Last week we heard about Alcuin of York (also called Albinus, c. 735-804 AD), who came to the Emperor Charlemagne and promoted classical studies during his reign. Among the many other things that Alcuin did for the advancement of learning, he compiled a little book called *Propositions for Sharpening the Youth*. Alcuin’s *Propositions* are a series of math story problems. While today we could solve many of them rather quickly by using the right algebraic formula and a calculator, there’s something to be said for working through them unaided. If we’re simply looking to arrive quickly at an answer (say in an engineering job), then formulas and calculators are very useful. But what if there’s more to math than arriving at the answer as quickly as possible?

This line of inquiry leads us to ask even more fundamentally: what is the purpose of studying math? What is the fruit of it? I remember asking a math teacher from a classical school once, “What level of math is it necessary to attain?” and she answered, “How strong do you want your mind to be?” That answer has stuck with me, and it’s very telling. Math isn’t ultimately about being able to do a certain sort of problem (algebra, geometry, trigonometry, calculus, etc.), or even being able to do a problem quickly. Many students wonder, “When am I going to use this in the real world?” The answer (in many cases) is: they’re not. The study of math isn’t about acquiring the skill of solving certain problems, as if students were going to graph parabolas for a living. The study of math is about strengthening the mind. Certainly students will advance through various types of math problems and will learn to do them more quickly with practice. But the purpose of this is to exercise the mind and make it strong.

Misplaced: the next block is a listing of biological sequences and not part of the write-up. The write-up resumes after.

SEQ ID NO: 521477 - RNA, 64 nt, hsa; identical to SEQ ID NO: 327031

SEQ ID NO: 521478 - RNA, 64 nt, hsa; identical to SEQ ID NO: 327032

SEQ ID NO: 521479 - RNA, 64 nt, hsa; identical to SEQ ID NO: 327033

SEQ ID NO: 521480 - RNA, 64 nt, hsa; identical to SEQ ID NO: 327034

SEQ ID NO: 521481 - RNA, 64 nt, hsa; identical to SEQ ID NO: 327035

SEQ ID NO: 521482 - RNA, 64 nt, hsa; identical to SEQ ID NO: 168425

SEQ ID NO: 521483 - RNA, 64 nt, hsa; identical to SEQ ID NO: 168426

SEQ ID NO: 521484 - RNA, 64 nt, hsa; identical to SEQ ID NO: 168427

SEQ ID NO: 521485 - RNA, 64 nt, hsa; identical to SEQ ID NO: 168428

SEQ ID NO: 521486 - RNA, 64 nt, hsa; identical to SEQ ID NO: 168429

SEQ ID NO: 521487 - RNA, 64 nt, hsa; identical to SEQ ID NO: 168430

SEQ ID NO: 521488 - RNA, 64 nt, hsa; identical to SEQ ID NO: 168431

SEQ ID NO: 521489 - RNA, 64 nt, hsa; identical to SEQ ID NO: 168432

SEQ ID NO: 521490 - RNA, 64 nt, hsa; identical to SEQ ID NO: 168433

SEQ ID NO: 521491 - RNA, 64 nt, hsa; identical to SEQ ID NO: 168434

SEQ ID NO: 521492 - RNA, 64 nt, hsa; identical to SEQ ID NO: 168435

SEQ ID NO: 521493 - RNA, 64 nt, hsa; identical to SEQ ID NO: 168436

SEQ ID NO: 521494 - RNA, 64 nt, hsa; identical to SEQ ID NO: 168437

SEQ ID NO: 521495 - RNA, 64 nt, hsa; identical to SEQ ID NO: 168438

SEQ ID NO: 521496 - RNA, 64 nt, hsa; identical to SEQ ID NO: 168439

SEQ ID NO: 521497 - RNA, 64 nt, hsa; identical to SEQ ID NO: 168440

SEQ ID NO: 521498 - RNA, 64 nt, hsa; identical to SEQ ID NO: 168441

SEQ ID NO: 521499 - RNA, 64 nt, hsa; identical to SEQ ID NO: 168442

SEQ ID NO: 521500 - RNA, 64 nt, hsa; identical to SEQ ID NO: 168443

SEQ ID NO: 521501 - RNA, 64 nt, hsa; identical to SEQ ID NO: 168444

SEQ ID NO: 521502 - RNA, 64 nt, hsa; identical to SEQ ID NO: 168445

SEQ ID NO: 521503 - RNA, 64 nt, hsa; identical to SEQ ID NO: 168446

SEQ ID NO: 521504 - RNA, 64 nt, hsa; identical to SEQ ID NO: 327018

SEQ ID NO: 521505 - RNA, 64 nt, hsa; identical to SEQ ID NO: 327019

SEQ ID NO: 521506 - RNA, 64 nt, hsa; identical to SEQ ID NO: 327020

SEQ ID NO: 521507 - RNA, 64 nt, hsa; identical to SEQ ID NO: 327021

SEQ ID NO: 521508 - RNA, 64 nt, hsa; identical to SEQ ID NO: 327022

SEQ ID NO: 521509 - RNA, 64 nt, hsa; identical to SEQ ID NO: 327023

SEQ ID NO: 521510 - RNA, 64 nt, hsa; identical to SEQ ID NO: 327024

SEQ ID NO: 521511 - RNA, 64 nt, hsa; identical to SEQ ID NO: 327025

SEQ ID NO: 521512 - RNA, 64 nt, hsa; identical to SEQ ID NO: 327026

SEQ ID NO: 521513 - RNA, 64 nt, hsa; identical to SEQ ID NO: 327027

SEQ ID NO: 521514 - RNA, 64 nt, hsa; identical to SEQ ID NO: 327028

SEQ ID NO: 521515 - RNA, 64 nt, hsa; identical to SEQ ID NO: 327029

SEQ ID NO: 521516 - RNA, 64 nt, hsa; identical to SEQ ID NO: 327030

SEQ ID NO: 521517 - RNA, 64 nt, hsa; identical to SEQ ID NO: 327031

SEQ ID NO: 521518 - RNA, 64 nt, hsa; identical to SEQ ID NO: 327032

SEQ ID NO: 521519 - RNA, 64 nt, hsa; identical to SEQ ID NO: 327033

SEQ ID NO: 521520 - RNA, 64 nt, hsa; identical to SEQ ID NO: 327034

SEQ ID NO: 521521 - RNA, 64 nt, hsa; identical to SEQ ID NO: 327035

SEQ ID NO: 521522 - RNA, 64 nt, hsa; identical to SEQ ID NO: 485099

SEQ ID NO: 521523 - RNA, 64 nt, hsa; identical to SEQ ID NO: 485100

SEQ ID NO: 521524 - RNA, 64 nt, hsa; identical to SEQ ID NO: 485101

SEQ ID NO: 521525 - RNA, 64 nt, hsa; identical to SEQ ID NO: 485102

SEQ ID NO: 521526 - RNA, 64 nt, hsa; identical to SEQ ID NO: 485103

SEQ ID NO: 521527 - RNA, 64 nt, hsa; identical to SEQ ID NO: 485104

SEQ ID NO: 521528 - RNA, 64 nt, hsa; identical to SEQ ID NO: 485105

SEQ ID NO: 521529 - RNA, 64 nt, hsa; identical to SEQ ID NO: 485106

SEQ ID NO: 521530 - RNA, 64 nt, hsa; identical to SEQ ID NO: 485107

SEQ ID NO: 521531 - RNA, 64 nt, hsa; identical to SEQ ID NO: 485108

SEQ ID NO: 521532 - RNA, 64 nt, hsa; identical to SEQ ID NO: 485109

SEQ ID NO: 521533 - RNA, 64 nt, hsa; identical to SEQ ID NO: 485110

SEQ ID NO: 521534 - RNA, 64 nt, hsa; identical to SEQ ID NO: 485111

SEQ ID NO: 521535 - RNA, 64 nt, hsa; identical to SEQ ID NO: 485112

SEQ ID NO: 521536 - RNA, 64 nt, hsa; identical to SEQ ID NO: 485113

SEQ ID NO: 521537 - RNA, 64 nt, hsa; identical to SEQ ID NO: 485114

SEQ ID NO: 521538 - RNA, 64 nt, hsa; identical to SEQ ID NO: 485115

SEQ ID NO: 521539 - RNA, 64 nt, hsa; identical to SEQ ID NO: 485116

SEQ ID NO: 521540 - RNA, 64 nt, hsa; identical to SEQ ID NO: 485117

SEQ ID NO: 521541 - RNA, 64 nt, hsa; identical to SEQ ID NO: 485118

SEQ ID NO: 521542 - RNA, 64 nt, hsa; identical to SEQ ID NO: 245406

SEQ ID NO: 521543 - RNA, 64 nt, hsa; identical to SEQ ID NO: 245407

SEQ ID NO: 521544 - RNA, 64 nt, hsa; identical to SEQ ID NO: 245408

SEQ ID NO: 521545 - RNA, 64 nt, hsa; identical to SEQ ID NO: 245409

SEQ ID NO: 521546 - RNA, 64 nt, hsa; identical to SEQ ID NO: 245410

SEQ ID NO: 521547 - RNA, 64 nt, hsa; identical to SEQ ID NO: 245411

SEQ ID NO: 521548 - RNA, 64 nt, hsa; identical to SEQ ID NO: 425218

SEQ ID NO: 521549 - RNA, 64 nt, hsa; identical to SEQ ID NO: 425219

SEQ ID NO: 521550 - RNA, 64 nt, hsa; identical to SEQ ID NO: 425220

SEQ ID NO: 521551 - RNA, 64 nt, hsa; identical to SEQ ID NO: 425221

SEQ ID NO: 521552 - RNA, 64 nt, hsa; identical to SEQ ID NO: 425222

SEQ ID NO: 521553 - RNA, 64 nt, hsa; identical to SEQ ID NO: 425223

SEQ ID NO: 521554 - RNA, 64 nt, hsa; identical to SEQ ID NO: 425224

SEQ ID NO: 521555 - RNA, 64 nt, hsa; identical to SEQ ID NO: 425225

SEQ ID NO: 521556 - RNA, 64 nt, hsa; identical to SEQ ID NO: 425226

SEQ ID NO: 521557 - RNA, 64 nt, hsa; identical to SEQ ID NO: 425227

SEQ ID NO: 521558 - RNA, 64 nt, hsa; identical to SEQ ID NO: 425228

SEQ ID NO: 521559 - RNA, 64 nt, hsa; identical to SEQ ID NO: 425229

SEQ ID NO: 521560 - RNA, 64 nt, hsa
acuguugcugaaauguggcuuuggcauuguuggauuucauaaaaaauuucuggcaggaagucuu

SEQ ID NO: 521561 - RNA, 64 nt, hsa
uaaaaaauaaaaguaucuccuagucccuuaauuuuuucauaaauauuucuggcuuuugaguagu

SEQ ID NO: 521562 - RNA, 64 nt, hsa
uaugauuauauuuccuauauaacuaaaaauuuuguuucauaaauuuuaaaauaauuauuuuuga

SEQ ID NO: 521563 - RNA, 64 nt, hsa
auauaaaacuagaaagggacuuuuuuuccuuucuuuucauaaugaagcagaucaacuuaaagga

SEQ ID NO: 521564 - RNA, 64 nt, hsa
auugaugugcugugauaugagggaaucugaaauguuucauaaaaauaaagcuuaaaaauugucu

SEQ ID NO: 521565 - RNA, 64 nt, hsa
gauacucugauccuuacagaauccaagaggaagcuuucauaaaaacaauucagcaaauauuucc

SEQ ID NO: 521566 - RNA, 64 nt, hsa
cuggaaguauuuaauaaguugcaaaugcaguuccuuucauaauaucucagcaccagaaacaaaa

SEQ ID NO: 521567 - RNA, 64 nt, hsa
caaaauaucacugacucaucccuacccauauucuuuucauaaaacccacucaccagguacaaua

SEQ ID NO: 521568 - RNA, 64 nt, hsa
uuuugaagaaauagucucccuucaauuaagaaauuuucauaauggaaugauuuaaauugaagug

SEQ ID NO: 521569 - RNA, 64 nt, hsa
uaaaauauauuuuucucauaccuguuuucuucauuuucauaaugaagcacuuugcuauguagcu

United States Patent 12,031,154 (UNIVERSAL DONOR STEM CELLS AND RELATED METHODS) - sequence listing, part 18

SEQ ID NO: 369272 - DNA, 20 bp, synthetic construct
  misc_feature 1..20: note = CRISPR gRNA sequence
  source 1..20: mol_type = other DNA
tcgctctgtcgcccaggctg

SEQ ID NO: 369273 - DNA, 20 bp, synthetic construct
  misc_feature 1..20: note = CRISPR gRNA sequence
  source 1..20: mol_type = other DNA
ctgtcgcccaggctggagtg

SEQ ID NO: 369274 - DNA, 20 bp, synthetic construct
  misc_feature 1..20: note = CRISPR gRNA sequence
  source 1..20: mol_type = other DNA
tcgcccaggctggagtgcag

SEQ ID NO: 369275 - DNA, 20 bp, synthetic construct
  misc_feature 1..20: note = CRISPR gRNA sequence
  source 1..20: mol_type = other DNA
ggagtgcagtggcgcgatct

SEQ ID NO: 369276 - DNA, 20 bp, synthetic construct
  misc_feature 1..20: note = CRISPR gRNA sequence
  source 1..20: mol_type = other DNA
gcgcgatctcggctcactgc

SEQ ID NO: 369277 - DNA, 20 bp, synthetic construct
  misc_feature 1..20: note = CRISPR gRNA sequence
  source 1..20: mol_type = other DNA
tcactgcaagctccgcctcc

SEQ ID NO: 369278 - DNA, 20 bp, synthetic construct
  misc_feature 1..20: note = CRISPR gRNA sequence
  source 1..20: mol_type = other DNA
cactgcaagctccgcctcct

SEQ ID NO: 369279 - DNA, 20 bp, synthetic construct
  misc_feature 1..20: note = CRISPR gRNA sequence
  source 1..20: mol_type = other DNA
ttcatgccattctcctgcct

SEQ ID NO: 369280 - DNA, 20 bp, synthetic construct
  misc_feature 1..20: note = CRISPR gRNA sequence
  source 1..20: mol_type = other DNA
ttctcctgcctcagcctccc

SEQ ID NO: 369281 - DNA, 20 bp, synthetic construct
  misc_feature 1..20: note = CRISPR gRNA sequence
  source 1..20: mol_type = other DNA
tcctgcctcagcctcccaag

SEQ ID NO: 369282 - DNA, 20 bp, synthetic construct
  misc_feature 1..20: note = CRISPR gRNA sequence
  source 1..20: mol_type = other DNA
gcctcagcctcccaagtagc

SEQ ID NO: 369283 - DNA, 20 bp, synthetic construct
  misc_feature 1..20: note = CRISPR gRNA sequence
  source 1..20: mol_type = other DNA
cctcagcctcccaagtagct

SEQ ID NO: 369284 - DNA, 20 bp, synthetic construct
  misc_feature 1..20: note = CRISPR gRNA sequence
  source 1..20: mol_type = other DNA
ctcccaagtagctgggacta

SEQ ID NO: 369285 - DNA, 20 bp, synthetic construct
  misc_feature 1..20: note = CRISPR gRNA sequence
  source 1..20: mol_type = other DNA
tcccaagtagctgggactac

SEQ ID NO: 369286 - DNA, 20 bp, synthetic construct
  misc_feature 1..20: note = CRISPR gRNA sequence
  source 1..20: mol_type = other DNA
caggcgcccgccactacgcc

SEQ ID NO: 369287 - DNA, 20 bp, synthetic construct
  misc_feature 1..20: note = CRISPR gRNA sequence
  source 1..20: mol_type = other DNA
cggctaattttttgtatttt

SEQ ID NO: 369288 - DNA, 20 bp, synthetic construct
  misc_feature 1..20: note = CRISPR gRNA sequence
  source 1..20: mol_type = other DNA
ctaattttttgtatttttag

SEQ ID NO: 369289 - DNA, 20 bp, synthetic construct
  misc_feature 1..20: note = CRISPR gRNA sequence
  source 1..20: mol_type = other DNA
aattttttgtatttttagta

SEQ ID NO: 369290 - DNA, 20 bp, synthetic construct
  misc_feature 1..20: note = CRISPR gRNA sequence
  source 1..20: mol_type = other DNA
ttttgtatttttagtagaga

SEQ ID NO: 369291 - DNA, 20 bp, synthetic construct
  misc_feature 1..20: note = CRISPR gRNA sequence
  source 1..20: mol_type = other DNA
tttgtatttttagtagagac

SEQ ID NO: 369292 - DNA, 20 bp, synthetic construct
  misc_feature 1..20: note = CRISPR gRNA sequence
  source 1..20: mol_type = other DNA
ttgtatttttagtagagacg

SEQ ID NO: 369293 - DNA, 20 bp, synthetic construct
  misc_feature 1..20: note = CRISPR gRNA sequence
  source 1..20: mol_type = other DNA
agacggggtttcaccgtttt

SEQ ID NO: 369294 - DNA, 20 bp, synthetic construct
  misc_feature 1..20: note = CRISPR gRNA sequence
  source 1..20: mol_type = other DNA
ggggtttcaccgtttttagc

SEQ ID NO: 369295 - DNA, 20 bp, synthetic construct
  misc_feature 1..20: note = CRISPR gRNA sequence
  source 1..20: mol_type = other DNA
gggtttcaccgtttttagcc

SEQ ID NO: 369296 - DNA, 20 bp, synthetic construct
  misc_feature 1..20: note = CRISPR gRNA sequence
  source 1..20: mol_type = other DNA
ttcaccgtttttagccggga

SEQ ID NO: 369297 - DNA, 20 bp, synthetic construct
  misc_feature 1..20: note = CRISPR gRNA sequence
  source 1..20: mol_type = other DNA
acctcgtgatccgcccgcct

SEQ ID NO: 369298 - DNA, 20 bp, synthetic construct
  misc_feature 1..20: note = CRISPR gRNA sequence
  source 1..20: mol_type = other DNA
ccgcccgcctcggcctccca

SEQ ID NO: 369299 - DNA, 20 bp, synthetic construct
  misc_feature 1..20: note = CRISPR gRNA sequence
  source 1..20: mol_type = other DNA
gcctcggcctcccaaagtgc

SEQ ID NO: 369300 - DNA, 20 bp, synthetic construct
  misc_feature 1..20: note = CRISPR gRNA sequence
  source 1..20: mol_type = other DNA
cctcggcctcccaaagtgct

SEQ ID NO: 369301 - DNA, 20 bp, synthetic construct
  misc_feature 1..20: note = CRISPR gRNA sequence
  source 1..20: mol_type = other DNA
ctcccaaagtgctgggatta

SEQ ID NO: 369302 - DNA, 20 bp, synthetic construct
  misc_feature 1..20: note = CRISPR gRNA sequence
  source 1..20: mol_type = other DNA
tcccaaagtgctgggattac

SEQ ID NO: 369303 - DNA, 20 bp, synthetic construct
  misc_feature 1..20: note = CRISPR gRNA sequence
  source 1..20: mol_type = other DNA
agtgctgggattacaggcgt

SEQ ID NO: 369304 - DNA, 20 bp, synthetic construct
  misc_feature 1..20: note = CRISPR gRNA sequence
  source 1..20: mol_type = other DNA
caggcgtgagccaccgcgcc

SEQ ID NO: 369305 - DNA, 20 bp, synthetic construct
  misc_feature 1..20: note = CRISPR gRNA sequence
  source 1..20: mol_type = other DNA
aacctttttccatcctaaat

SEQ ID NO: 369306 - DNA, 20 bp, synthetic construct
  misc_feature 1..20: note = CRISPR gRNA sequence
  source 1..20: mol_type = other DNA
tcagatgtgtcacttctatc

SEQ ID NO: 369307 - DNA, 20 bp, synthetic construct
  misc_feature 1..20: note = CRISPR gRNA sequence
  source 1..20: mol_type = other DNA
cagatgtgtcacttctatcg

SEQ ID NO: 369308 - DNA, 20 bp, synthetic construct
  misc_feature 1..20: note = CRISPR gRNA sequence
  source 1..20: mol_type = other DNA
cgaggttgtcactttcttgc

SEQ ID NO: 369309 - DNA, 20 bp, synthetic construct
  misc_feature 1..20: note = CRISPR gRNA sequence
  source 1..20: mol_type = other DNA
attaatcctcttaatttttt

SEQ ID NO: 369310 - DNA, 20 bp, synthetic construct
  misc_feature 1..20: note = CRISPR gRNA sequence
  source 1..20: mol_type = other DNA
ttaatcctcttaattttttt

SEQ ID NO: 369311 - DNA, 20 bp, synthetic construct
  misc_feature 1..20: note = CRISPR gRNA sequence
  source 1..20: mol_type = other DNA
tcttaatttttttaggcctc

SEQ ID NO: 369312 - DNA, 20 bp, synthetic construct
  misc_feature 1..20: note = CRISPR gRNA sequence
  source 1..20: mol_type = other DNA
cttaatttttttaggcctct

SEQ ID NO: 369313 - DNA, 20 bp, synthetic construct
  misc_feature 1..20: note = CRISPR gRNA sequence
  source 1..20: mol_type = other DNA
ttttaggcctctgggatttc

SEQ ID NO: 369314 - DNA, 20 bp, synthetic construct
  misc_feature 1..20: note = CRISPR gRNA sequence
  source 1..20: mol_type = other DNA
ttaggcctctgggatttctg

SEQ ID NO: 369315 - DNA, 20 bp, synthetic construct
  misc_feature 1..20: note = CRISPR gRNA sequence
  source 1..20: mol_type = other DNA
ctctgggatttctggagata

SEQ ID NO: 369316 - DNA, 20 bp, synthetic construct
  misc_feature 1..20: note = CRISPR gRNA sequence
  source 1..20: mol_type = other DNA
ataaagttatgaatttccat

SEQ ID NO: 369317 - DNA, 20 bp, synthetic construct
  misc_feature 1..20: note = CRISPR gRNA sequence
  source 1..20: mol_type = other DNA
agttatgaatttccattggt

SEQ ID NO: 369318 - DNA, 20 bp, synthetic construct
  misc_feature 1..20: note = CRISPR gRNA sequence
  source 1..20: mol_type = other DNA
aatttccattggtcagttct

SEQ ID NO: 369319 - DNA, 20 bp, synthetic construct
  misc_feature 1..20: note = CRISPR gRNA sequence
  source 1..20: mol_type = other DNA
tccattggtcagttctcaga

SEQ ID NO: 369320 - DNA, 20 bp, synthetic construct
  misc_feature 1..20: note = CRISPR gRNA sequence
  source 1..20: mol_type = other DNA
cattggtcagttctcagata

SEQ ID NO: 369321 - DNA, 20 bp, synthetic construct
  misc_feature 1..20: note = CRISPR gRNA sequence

Formulas can be useful for shaping the way we think (e.g. solving for *x*). But they can also be harmful if we stop thinking about the numbers and simply follow a series of prescribed steps to arrive at an answer. As for calculators, their main use is for doing math that the mind can’t complete in any sort of timely fashion by itself. But then as soon as calculators become involved, the mind gets to rest, so students must use calculators with great care. A heavy reliance on a calculator may lead to finding an answer quickly, but it will not lead to the mind becoming strong. In order to enjoy the full benefits of math study, the student’s mind must be the primary calculator.

This understanding of math is in line with the purpose of Alcuin’s *Propositions*. He said his *Propositions* were *ad acuendos*, “for sharpening” (from that Latin verb *acuo* we get the English words “acuity” and “acumen,” both of which refer to “sharpness”). In order to understand how math sharpens the mind and gives us acumen, try one of Alcuin’s *Propositions*. Do not use a calculator or any formulas, but simply pencil and paper (or, for the really daring, do it all in your head). After you find the answer, notice that your mind feels the way your body would after a good workout. Here is *Proposition 5*:

“A certain buyer said: ‘I want to buy 100 pigs with 100 denarii in such a way that a mature boar is bought for 10 denarii; a sow for five denarii; and two small female pigs for one denarius.’ How many boars, sows, and small female pigs should there be so that there are neither too many nor too few of either [pigs or denarii]?”

In Christ,

Pastor Richard